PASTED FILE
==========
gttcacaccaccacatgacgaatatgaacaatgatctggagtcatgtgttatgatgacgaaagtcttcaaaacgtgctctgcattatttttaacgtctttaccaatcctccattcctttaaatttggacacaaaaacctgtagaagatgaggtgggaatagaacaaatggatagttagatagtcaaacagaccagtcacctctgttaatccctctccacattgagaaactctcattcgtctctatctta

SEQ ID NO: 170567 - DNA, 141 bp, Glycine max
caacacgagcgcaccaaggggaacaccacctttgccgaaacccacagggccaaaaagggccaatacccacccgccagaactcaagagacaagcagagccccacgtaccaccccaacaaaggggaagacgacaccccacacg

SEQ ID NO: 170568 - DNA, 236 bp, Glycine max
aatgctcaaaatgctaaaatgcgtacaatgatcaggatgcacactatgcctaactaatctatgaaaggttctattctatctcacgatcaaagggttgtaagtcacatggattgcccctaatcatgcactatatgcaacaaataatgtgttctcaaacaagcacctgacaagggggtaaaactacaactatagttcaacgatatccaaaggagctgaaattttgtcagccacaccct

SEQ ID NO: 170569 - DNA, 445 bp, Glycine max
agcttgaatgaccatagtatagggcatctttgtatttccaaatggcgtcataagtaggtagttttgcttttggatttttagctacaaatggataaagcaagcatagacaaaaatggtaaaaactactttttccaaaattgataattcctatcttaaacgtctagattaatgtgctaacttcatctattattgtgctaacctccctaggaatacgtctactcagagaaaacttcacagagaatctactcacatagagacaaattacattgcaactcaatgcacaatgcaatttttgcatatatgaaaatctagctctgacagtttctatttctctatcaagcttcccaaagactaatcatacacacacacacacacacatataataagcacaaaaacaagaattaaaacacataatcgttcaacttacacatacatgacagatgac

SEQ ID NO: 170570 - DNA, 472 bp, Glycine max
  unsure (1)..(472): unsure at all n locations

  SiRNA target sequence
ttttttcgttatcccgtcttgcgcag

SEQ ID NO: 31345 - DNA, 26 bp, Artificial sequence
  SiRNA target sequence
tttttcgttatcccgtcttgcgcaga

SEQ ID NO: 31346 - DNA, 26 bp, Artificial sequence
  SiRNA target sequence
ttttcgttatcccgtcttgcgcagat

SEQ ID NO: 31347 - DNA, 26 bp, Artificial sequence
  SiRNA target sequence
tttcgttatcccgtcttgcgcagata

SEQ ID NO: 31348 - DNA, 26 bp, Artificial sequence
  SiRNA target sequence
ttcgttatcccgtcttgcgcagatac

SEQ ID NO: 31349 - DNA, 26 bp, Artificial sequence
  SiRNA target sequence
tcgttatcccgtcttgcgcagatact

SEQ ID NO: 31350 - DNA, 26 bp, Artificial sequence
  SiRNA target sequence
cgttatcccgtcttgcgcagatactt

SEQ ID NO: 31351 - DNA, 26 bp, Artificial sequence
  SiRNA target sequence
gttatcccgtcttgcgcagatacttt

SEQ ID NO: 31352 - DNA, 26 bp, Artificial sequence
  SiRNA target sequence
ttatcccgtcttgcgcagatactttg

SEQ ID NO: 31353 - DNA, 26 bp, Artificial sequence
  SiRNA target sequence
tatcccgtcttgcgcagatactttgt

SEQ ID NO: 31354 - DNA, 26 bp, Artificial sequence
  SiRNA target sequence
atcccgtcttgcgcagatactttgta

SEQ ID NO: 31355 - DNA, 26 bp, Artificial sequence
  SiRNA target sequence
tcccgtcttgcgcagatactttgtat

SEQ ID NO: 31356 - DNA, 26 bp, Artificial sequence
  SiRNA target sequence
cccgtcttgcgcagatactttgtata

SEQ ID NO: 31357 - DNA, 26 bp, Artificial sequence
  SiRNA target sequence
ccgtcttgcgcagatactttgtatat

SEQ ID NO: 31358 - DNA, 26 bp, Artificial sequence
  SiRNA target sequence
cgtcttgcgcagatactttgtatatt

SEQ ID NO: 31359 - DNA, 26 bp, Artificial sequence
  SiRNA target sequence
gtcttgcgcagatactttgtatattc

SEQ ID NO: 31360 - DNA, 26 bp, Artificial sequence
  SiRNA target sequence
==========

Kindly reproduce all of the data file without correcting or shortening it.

gttcacaccaccacatgacgaatatgaacaatgatctggagtcatgtgttatgatgacgaaagtcttcaaaacgtgctctgcattatttttaacgtctttaccaatcctccattcctttaaatttggacacaaaaacctgtagaagatgaggtgggaatagaacaaatggatagttagatagtcaaacagaccagtcacctctgttaatccctctccacattgagaaactctcattcgtctctatctta

SEQ ID NO: 170567 - DNA, 141 bp, Glycine max
caacacgagcgcaccaaggggaacaccacctttgccgaaacccacagggccaaaaagggccaatacccacccgccagaactcaagagacaagcagagccccacgtaccaccccaacaaaggggaagacgacaccccacacg

SEQ ID NO: 170568 - DNA, 236 bp, Glycine max
aatgctcaaaatgctaaaatgcgtacaatgatcaggatgcacactatgcctaactaatctatgaaaggttctattctatctcacgatcaaagggttgtaagtcacatggattgcccctaatcatgcactatatgcaacaaataatgtgttctcaaacaagcacctgacaagggggtaaaactacaactatagttcaacgatatccaaaggagctgaaattttgtcagccacaccct

SEQ ID NO: 170569 - DNA, 445 bp, Glycine max
agcttgaatgaccatagtatagggcatctttgtatttccaaatggcgtcataagtaggtagttttgcttttggatttttagctacaaatggataaagcaagcatagacaaaaatggtaaaaactactttttccaaaattgataattcctatcttaaacgtctagattaatgtgctaacttcatctattattgtgctaacctccctaggaatacgtctactcagagaaaacttcacagagaatctactcacatagagacaaattacattgcaactcaatgcacaatgcaatttttgcatatatgaaaatctagctctgacagtttctatttctctatcaagcttcccaaagactaatcatacacacacacacacacacatataataagcacaaaaacaagaattaaaacacataatcgttcaacttacacatacatgacagatgac

SEQ ID NO: 170570 - DNA, 472 bp, Glycine max
  unsure (1)..(472): unsure at all n locations

  SiRNA target sequence
ttttttcgttatcccgtcttgcgcag

SEQ ID NO: 31345 - DNA, 26 bp, Artificial sequence
  SiRNA target sequence
tttttcgttatcccgtcttgcgcaga

SEQ ID NO: 31346 - DNA, 26 bp, Artificial sequence
  SiRNA target sequence
ttttcgttatcccgtcttgcgcagat

SEQ ID NO: 31347 - DNA, 26 bp, Artificial sequence
  SiRNA target sequence
tttcgttatcccgtcttgcgcagata

SEQ ID NO: 31348 - DNA, 26 bp, Artificial sequence
  SiRNA target sequence
ttcgttatcccgtcttgcgcagatac

SEQ ID NO: 31349 - DNA, 26 bp, Artificial sequence
  SiRNA target sequence
tcgttatcccgtcttgcgcagatact

SEQ ID NO: 31350 - DNA, 26 bp, Artificial sequence
  SiRNA target sequence
cgttatcccgtcttgcgcagatactt

SEQ ID NO: 31351 - DNA, 26 bp, Artificial sequence
  SiRNA target sequence
gttatcccgtcttgcgcagatacttt

SEQ ID NO: 31352 - DNA, 26 bp, Artificial sequence
  SiRNA target sequence
ttatcccgtcttgcgcagatactttg

SEQ ID NO: 31353 - DNA, 26 bp, Artificial sequence
  SiRNA target sequence
tatcccgtcttgcgcagatactttgt

SEQ ID NO: 31354 - DNA, 26 bp, Artificial sequence
  SiRNA target sequence
atcccgtcttgcgcagatactttgta

SEQ ID NO: 31355 - DNA, 26 bp, Artificial sequence
  SiRNA target sequence
tcccgtcttgcgcagatactttgtat

SEQ ID NO: 31356 - DNA, 26 bp, Artificial sequence
  SiRNA target sequence
cccgtcttgcgcagatactttgtata

SEQ ID NO: 31357 - DNA, 26 bp, Artificial sequence
  SiRNA target sequence
ccgtcttgcgcagatactttgtatat

SEQ ID NO: 31358 - DNA, 26 bp, Artificial sequence
  SiRNA target sequence
cgtcttgcgcagatactttgtatatt

SEQ ID NO: 31359 - DNA, 26 bp, Artificial sequence
  SiRNA target sequence
gtcttgcgcagatactttgtatattc

SEQ ID NO: 31360 - DNA, 26 bp, Artificial sequence
  SiRNA target sequence